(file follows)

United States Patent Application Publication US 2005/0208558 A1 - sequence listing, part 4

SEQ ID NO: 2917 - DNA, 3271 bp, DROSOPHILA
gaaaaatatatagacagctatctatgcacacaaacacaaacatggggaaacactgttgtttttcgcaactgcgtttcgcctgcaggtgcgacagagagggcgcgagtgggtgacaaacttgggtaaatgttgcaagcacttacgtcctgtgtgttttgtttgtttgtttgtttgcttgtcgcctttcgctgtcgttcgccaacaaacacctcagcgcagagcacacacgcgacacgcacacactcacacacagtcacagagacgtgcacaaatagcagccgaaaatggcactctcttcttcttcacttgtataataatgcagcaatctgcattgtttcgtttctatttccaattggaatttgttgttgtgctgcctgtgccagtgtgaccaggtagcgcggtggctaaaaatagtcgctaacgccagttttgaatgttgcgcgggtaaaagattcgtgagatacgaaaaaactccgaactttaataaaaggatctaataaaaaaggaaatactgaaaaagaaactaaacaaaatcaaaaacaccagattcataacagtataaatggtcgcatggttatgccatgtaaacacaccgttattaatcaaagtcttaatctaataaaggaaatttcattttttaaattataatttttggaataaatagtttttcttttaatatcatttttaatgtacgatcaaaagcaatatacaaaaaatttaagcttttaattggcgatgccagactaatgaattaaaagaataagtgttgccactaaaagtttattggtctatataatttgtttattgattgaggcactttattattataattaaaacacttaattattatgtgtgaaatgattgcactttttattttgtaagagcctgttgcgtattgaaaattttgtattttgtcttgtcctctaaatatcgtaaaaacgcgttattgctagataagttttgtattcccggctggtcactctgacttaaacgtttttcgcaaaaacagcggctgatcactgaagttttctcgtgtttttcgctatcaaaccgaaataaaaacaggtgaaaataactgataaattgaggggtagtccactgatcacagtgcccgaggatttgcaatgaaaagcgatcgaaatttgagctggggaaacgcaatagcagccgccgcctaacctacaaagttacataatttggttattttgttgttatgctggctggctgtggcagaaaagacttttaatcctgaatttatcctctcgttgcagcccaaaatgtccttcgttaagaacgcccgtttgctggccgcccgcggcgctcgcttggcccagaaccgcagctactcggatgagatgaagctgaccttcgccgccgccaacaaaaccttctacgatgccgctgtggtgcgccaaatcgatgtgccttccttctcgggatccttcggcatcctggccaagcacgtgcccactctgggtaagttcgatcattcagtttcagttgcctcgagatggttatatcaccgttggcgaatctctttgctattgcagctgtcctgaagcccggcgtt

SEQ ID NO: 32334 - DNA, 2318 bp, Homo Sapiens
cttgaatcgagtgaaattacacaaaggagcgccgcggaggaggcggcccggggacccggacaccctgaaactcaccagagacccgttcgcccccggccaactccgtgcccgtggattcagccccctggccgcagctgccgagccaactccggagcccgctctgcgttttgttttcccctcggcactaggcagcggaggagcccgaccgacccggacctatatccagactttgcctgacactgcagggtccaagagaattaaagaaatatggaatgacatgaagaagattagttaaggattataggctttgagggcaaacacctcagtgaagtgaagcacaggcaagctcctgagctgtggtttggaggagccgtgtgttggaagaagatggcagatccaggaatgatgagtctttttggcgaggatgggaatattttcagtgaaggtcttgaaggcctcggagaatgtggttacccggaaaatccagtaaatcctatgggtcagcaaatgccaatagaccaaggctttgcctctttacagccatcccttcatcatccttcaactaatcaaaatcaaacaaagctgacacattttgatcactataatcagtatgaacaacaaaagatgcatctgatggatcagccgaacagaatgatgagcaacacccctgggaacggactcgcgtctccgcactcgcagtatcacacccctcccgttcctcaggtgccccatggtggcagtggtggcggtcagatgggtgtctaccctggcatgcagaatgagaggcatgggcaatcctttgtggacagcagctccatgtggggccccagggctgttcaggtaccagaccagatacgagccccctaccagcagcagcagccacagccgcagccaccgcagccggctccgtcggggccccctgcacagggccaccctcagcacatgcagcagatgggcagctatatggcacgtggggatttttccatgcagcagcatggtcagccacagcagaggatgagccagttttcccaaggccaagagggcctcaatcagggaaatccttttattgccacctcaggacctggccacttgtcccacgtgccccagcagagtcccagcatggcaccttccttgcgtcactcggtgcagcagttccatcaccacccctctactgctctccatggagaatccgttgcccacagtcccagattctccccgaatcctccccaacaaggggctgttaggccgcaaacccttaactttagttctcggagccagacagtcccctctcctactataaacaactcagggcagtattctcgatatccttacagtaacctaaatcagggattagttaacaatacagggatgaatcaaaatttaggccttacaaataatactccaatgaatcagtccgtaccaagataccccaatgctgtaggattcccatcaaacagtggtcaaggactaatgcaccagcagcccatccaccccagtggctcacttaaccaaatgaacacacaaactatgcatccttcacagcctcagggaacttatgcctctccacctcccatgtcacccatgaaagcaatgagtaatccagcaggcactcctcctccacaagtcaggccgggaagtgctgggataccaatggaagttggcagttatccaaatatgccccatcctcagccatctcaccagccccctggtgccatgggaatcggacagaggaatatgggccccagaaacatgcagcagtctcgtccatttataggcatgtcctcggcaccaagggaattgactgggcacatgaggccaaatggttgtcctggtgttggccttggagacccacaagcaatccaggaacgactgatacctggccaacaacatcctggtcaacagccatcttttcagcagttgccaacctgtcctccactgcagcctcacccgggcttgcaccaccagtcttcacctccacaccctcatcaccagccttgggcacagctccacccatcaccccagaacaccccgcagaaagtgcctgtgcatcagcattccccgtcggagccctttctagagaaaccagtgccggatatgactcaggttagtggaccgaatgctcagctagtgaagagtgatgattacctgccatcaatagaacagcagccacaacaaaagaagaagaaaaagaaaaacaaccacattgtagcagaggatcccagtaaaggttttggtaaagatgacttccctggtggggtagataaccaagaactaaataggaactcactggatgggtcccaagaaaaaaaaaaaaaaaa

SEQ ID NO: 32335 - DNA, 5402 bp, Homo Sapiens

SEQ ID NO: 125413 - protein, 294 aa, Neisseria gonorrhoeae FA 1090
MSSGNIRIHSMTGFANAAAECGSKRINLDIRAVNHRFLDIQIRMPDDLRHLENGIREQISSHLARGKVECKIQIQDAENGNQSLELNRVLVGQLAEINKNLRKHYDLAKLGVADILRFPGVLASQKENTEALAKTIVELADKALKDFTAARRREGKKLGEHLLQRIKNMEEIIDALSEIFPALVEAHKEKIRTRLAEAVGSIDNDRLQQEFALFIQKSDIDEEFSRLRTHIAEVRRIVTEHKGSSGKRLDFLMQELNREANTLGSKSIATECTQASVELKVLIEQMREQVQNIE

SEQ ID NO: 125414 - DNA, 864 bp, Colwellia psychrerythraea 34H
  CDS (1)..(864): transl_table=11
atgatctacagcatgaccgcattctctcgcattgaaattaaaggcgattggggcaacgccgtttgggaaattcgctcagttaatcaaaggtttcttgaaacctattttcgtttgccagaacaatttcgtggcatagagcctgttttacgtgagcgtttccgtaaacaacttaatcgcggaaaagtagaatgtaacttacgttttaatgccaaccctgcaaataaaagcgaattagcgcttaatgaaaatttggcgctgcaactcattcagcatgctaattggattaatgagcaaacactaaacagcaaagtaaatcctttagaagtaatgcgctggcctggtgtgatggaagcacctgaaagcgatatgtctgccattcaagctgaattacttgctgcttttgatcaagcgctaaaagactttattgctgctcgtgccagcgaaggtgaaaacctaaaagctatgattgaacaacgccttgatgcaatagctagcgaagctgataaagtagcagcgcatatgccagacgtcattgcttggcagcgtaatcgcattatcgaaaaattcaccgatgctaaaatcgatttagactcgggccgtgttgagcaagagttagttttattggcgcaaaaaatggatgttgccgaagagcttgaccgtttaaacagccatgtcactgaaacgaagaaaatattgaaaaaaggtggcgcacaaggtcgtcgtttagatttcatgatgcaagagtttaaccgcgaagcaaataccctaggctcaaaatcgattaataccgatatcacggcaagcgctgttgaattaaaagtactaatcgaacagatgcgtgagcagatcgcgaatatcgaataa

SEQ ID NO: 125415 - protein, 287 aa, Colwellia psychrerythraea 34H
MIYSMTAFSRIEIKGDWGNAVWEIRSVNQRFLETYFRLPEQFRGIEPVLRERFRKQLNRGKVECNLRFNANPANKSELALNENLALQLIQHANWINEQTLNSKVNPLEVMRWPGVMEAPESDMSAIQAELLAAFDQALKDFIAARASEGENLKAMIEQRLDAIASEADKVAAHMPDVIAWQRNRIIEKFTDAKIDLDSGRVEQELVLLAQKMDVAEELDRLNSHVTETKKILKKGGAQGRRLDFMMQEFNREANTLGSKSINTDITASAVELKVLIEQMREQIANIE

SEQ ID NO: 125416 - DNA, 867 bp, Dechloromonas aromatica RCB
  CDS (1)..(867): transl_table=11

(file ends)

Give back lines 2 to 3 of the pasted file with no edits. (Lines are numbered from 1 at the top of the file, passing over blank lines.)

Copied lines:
SEQ ID NO: 2917 - DNA, 3271 bp, DROSOPHILA
gaaaaatatatagacagctatctatgcacacaaacacaaacatggggaaacactgttgtttttcgcaactgcgtttcgcctgcaggtgcgacagagagggcgcgagtgggtgacaaacttgggtaaatgttgcaagcacttacgtcctgtgtgttttgtttgtttgtttgtttgcttgtcgcctttcgctgtcgttcgccaacaaacacctcagcgcagagcacacacgcgacacgcacacactcacacacagtcacagagacgtgcacaaatagcagccgaaaatggcactctcttcttcttcacttgtataataatgcagcaatctgcattgtttcgtttctatttccaattggaatttgttgttgtgctgcctgtgccagtgtgaccaggtagcgcggtggctaaaaatagtcgctaacgccagttttgaatgttgcgcgggtaaaagattcgtgagatacgaaaaaactccgaactttaataaaaggatctaataaaaaaggaaatactgaaaaagaaactaaacaaaatcaaaaacaccagattcataacagtataaatggtcgcatggttatgccatgtaaacacaccgttattaatcaaagtcttaatctaataaaggaaatttcattttttaaattataatttttggaataaatagtttttcttttaatatcatttttaatgtacgatcaaaagcaatatacaaaaaatttaagcttttaattggcgatgccagactaatgaattaaaagaataagtgttgccactaaaagtttattggtctatataatttgtttattgattgaggcactttattattataattaaaacacttaattattatgtgtgaaatgattgcactttttattttgtaagagcctgttgcgtattgaaaattttgtattttgtcttgtcctctaaatatcgtaaaaacgcgttattgctagataagttttgtattcccggctggtcactctgacttaaacgtttttcgcaaaaacagcggctgatcactgaagttttctcgtgtttttcgctatcaaaccgaaataaaaacaggtgaaaataactgataaattgaggggtagtccactgatcacagtgcccgaggatttgcaatgaaaagcgatcgaaatttgagctggggaaacgcaatagcagccgccgcctaacctacaaagttacataatttggttattttgttgttatgctggctggctgtggcagaaaagacttttaatcctgaatttatcctctcgttgcagcccaaaatgtccttcgttaagaacgcccgtttgctggccgcccgcggcgctcgcttggcccagaaccgcagctactcggatgagatgaagctgaccttcgccgccgccaacaaaaccttctacgatgccgctgtggtgcgccaaatcgatgtgccttccttctcgggatccttcggcatcctggccaagcacgtgcccactctgggtaagttcgatcattcagtttcagttgcctcgagatggttatatcaccgttggcgaatctctttgctattgcagctgtcctgaagcccggcgtt